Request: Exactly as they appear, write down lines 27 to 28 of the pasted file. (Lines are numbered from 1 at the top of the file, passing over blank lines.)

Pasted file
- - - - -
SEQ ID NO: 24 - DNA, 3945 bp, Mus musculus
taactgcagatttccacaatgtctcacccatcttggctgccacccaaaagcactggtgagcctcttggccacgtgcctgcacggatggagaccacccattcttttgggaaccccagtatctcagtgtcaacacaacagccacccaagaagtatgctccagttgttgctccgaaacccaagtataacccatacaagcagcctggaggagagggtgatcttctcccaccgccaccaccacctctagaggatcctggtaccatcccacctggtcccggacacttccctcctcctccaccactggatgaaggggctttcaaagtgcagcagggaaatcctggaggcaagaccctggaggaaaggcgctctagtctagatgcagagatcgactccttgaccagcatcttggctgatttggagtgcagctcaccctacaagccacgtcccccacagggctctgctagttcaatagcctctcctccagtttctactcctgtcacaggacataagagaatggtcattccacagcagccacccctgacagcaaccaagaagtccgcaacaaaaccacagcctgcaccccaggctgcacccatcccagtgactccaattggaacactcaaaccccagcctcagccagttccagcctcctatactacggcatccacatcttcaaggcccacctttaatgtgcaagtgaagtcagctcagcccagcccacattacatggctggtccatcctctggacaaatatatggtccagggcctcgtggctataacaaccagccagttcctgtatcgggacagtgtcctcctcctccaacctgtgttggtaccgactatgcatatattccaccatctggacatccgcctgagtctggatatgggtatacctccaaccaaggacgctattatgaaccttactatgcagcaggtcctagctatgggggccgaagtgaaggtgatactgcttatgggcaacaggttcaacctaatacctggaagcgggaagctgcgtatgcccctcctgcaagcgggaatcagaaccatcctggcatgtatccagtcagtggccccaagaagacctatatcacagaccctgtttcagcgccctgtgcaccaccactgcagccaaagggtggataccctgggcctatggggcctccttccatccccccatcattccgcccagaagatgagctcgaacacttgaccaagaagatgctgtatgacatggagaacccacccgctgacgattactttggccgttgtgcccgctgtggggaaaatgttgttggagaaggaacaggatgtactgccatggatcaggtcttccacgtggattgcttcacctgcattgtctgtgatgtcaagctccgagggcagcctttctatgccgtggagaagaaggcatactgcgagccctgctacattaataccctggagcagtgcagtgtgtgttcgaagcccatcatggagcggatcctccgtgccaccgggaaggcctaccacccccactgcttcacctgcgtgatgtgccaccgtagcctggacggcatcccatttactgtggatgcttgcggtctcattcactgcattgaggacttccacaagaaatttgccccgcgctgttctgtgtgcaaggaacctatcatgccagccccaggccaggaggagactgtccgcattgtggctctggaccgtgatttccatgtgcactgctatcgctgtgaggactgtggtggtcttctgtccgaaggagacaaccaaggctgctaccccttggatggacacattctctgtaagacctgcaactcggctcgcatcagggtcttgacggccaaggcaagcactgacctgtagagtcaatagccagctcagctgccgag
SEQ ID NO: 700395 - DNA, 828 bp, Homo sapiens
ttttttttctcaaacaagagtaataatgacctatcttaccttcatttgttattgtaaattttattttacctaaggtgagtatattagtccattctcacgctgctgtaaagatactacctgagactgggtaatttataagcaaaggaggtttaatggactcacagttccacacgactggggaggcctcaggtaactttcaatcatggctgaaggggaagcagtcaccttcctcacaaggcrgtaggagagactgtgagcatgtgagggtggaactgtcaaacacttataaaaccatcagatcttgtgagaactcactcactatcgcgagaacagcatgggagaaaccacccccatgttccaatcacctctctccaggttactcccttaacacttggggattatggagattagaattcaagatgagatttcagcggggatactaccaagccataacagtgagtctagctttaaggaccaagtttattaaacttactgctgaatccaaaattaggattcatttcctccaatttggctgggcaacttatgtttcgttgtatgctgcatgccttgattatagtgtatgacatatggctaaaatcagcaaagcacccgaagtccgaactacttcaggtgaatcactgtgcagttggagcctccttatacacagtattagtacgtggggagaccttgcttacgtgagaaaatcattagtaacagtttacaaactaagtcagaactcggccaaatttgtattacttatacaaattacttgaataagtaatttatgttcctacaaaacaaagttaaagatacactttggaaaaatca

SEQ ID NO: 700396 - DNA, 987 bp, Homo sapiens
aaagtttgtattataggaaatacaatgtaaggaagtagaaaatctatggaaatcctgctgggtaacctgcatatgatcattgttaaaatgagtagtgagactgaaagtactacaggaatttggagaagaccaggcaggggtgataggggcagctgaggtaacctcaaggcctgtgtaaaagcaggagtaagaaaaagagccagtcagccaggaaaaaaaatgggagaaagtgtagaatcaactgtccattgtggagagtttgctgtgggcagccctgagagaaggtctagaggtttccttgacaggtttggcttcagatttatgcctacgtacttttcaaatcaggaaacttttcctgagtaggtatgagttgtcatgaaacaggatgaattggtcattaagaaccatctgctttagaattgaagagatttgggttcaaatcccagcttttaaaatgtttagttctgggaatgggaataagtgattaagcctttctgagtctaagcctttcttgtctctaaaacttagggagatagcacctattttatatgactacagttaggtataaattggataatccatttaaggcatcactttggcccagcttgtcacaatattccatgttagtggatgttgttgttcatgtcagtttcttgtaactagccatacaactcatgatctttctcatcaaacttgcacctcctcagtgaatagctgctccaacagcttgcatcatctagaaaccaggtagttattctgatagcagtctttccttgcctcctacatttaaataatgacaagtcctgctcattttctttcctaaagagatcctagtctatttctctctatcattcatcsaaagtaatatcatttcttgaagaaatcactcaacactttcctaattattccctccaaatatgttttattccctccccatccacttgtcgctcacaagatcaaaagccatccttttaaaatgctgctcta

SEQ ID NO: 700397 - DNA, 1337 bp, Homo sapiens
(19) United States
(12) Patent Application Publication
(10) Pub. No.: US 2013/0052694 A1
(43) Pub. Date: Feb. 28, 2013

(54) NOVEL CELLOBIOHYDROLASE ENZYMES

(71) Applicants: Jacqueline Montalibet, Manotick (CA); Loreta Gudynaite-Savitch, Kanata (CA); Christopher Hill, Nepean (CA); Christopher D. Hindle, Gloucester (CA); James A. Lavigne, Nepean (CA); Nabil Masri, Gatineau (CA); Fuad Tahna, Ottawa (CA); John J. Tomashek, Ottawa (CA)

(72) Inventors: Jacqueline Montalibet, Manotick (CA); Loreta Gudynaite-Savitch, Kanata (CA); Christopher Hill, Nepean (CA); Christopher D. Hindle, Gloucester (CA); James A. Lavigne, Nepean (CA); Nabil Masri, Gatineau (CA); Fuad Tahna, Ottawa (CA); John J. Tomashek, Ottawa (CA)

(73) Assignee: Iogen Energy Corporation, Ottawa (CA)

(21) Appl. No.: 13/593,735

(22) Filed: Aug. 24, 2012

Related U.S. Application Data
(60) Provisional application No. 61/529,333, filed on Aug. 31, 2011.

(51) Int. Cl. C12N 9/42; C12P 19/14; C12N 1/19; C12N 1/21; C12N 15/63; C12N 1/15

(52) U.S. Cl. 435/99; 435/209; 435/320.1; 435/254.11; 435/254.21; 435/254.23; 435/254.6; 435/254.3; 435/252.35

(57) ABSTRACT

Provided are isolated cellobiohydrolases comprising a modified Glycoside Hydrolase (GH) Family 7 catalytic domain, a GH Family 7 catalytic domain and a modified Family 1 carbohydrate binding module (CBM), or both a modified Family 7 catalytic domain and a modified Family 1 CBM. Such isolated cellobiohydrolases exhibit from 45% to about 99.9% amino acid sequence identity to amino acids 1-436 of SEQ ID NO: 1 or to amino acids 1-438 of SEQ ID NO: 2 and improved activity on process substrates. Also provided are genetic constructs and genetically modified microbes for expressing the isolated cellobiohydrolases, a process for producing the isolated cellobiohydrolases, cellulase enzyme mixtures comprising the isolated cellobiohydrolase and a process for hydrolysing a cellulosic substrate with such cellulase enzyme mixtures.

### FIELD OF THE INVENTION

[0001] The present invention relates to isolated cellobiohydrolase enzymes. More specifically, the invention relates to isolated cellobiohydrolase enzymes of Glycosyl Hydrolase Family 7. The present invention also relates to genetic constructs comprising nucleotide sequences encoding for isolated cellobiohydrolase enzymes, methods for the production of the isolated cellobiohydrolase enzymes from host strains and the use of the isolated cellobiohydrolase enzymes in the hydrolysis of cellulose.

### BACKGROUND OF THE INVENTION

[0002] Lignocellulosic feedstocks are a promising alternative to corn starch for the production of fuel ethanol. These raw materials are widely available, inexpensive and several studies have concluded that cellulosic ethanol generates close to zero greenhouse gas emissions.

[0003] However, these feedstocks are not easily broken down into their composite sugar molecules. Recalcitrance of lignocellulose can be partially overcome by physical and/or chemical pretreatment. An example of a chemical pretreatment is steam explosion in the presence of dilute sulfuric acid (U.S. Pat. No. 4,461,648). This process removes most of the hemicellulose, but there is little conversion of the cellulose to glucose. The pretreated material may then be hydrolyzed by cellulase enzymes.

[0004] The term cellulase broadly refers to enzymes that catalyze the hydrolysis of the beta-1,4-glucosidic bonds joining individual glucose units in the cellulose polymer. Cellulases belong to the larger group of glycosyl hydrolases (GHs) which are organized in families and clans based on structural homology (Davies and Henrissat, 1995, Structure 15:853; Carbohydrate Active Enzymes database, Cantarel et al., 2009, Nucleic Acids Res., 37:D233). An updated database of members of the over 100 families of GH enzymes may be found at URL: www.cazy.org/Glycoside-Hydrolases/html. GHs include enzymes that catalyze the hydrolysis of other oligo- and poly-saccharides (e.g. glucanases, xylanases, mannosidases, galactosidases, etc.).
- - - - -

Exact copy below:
[0002] Lignocellulosic feedstocks are a promising alternative to corn starch for the production of fuel ethanol. These raw materials are widely available, inexpensive and several studies have concluded that cellulosic ethanol generates close to zero greenhouse gas emissions.

[0003] However, these feedstocks are not easily broken down into their composite sugar molecules. Recalcitrance of lignocellulose can be partially overcome by physical and/or chemical pretreatment. An example of a chemical pretreatment is steam explosion in the presence of dilute sulfuric acid (U.S. Pat. No. 4,461,648). This process removes most of the hemicellulose, but there is little conversion of the cellulose to glucose. The pretreated material may then be hydrolyzed by cellulase enzymes.